When it comes to platforms, it has been well understood - the best platforms start out as applications.
A platform without a “killer” app, is like a tree falling in the forrest. No one knows and no one cares.
As a result platforms are born with “app first”
Facebook’s platform, F8, was born…
The phrase “party rounds” refers to financing rounds where there is no lead investor. Instead, lots of investors - often including large VCs - put in $100k each or less.
Party rounds have been popular for a few years now, so there is enough history to know how they turn out. For investors,…
Dentist appointment in a few hours – View on Path.
This is the teaser page for Mailbox, a new product by the Orchestra team. I can’t say too much yet, but I’ve seen what they’re up to (we are investors, after all). It’s potentially game changing when it comes to email. And those who follow my email saga closely will know that I would not say that lightly.
They have a bit more about the process of evolving from Orchestra to Mailbox here. The best excerpt:
At first the idea seemed crazy. Email felt like this massive thing that startups don’t mess with. “This path is paved with corpses,” one friend told us. To be really blunt, we were scared. But as we explored the idea and the capacity of our team to tackle it, we felt emboldened. We realized we could apply everything we had learned about building fast, friendly, mobile collaboration tools to the inbox. We can’t replace email, but we can change how we interact with it.
Bingo. It’s not about replacing email. That has been tried and tried and tried and failed and failed and failed. It’s about changing the way we perceive email.
Mailbox is not quite done yet, but it will be worth the wait. Trust me.
There is one clear lesson from Digg’s sale: the technology that powered a once-massive social network is worth about $500,000. All the rest of the value derives from the people that use it. Though scaling is tough, any developer in the world can build some profiles and let people connect up. It’s an act of genius — or an act of God, by which I mean luck — to design a site constitution that makes people want to build their online lives at your URL (or in your app). Social networking companies are not technology companies as much as they are community companies.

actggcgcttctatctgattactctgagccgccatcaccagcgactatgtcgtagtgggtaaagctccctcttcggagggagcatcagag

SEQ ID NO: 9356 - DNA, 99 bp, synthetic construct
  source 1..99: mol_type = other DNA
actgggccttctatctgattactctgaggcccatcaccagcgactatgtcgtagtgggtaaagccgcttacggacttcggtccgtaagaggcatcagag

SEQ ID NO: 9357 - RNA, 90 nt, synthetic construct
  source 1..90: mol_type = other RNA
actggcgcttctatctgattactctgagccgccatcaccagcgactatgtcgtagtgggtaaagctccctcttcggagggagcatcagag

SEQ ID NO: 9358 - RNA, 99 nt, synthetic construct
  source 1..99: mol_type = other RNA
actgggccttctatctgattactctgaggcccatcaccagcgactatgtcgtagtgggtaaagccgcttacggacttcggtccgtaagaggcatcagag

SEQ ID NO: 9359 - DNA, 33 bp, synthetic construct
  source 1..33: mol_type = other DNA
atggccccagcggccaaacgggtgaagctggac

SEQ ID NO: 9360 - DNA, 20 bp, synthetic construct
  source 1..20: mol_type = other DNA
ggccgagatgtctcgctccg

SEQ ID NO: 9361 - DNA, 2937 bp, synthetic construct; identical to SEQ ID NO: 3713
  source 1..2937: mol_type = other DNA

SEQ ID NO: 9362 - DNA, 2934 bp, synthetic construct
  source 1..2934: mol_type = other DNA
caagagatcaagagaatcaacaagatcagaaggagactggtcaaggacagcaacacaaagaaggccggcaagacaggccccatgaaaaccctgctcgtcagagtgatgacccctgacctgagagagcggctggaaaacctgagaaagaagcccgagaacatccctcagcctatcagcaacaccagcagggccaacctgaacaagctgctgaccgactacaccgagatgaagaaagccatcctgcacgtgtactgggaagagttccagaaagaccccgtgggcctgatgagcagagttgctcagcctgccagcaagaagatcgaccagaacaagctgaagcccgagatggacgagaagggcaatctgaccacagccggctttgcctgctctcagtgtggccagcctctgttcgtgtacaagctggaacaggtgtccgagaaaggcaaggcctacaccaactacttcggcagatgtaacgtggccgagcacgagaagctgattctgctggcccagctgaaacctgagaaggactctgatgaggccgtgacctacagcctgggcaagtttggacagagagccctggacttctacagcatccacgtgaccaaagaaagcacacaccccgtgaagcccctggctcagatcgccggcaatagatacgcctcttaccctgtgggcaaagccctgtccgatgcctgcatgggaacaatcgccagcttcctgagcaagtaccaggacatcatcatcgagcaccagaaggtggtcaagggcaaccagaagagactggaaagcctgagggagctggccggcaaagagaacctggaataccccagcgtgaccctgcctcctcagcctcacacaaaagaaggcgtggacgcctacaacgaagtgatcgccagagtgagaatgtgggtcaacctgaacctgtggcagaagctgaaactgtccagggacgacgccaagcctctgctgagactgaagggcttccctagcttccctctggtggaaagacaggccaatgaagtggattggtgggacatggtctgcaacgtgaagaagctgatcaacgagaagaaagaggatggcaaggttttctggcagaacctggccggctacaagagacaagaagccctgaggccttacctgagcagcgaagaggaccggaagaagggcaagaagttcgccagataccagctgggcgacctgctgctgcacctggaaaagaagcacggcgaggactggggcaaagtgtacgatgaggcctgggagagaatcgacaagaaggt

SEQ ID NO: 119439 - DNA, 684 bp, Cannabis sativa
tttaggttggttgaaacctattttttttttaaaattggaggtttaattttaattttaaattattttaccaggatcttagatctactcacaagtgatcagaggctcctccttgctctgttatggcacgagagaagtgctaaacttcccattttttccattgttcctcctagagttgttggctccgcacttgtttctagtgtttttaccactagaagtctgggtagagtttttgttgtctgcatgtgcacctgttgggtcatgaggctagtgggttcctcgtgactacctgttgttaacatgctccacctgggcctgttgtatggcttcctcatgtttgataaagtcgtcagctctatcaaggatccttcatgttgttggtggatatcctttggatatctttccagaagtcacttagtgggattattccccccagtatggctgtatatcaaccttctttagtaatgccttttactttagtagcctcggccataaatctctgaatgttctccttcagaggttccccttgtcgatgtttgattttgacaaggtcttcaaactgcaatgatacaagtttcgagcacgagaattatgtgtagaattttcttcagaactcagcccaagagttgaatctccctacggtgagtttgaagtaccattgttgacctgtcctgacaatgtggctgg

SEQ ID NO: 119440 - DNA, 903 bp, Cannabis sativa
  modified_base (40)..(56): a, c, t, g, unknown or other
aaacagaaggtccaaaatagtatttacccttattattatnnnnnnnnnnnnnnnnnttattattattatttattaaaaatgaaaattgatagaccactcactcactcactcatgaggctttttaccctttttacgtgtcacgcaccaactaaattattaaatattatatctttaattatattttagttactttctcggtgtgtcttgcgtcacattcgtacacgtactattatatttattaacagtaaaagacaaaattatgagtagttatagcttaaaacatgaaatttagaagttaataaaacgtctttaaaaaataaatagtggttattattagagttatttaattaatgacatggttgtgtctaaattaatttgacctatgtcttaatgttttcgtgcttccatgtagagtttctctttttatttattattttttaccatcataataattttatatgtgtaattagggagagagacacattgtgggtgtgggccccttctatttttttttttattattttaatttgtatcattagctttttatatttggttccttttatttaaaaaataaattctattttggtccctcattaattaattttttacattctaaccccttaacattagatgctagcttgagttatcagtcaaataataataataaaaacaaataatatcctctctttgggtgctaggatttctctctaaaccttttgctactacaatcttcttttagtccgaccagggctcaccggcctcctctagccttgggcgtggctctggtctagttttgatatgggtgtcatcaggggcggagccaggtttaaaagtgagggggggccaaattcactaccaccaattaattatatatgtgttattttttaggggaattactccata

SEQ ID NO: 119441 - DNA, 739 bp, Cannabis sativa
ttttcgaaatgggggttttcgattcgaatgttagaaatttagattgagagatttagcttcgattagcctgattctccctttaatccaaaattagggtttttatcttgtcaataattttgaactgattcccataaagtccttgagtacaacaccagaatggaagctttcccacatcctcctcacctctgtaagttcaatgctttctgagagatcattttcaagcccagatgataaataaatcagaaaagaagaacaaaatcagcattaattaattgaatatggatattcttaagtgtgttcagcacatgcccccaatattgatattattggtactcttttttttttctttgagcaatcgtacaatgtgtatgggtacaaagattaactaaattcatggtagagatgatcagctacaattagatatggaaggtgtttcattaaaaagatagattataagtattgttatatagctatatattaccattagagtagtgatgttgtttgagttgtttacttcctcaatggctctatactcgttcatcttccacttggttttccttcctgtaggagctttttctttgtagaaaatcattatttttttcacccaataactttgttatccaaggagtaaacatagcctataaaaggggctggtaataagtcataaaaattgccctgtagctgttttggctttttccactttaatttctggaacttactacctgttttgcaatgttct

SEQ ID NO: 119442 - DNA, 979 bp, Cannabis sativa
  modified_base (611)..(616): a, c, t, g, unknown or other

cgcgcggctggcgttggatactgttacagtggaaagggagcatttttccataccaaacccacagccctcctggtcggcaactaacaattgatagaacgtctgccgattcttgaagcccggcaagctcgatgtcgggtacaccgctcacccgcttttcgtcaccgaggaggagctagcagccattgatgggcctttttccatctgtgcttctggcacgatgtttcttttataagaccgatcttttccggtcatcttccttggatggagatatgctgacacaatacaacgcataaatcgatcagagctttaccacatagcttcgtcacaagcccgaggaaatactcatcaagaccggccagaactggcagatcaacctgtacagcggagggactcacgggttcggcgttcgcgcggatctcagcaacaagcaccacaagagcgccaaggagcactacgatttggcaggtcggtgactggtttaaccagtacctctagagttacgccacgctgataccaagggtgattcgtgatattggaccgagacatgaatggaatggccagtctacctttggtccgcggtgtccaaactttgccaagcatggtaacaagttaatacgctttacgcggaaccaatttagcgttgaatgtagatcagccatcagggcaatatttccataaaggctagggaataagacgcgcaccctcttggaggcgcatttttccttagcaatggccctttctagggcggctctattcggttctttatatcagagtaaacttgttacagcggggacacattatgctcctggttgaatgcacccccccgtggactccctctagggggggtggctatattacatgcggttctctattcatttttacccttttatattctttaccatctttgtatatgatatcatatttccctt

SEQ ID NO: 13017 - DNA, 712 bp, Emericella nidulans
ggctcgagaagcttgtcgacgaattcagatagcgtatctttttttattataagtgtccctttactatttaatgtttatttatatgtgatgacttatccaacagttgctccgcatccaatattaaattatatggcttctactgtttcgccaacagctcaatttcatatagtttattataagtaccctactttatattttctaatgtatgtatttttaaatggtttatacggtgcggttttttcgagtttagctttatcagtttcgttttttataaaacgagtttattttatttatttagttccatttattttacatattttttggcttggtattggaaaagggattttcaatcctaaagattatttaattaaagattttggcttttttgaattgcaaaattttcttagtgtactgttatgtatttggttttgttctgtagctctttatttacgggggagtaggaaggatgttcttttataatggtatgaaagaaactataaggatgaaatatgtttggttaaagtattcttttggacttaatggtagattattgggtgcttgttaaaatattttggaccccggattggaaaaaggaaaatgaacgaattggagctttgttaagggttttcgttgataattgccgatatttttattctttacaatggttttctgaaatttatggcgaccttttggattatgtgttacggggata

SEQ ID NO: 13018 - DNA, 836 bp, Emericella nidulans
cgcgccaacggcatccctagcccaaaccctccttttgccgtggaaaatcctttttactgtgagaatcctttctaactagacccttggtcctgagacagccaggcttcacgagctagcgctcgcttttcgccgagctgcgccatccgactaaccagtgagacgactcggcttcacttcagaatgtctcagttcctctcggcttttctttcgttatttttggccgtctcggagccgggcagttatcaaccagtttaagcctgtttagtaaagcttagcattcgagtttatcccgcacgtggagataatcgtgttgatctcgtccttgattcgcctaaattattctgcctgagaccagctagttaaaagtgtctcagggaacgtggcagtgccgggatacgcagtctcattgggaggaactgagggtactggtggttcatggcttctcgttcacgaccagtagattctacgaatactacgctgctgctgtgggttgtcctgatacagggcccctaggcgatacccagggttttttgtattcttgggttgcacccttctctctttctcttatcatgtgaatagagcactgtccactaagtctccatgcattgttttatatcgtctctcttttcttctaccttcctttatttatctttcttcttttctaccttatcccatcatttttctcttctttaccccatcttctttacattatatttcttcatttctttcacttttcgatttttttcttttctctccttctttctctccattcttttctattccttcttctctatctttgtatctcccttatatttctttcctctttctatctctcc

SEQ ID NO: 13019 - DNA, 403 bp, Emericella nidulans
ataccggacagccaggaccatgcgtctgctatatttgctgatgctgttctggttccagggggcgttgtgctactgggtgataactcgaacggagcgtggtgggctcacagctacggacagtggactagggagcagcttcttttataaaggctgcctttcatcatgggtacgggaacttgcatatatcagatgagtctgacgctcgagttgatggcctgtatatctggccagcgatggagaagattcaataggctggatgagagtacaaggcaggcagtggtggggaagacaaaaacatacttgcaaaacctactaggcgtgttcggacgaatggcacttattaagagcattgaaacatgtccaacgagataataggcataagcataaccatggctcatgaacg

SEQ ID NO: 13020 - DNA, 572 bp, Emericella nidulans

Excellent NBA Finals cover photo on this week’s Sports Illustrated, shot by Greg Nelson.
Last year, Nelson was a featured photographer in this TIME Lightbox feature “What Makes a Great Basketball Picture? A View of the NBA Finals from Sports Illustrated.”
During the start-up phase at Fairchild Semiconductor there had been no sense of bosses and employees. There had been only a common sense of struggle out on a frontier. Everyone had internalized the goals of the venture. They didn’t need exhortations from superiors. Besides, everyone had been so young! Noyce, the administrator or chief coordinator or whatever he should be called, had been just about the oldest person on the premises, and he had been barely thirty. And now, in the early 1960s, thanks to his athletic build and his dark brown hair with the Campus Kid hairline, he still looked very young. As Fairchild expanded, Noyce didn’t even bother trying to find “experienced management personnel.” Out here in California, in the semiconductor industry, they didn’t exist. Instead, he recruited engineers right out of the colleges and graduate schools and gave them major responsibilities right off the bat. There was no “staff,” no “top management” other than the eight partners themselves. Major decisions were not bucked up a chain of command. Noyce held weekly meetings of people from all parts of the operation, and whatever had to be worked out was worked out right there in the room. Noyce wanted them all to keep internalizing the company’s goals and to provide their own motivations, just as they had during the start-up phase. If they did that, they would have the capacity to make their own decisions.
The young engineers who came to work for Fairchild could scarcely believe how much responsibility was suddenly thrust upon them. Some twenty-four-year-old just out of graduate school would find himself in charge of a major project with no one looking over his shoulder. A problem would come up, and he couldn’t stand it, and he would go to Noyce and hyperventilate and ask him what to do. And Noyce would lower his head, turn on his 100 ampere eyes, listen, and say: “Look, here are your guidelines. You’ve got to consider A, you’ve got to consider B. and you’ve got to consider C. ” Then he would turn on the Gary Cooper smile: “But if you think I’m going to make your decision for you, you’re mistaken. Hey… it’s your ass.”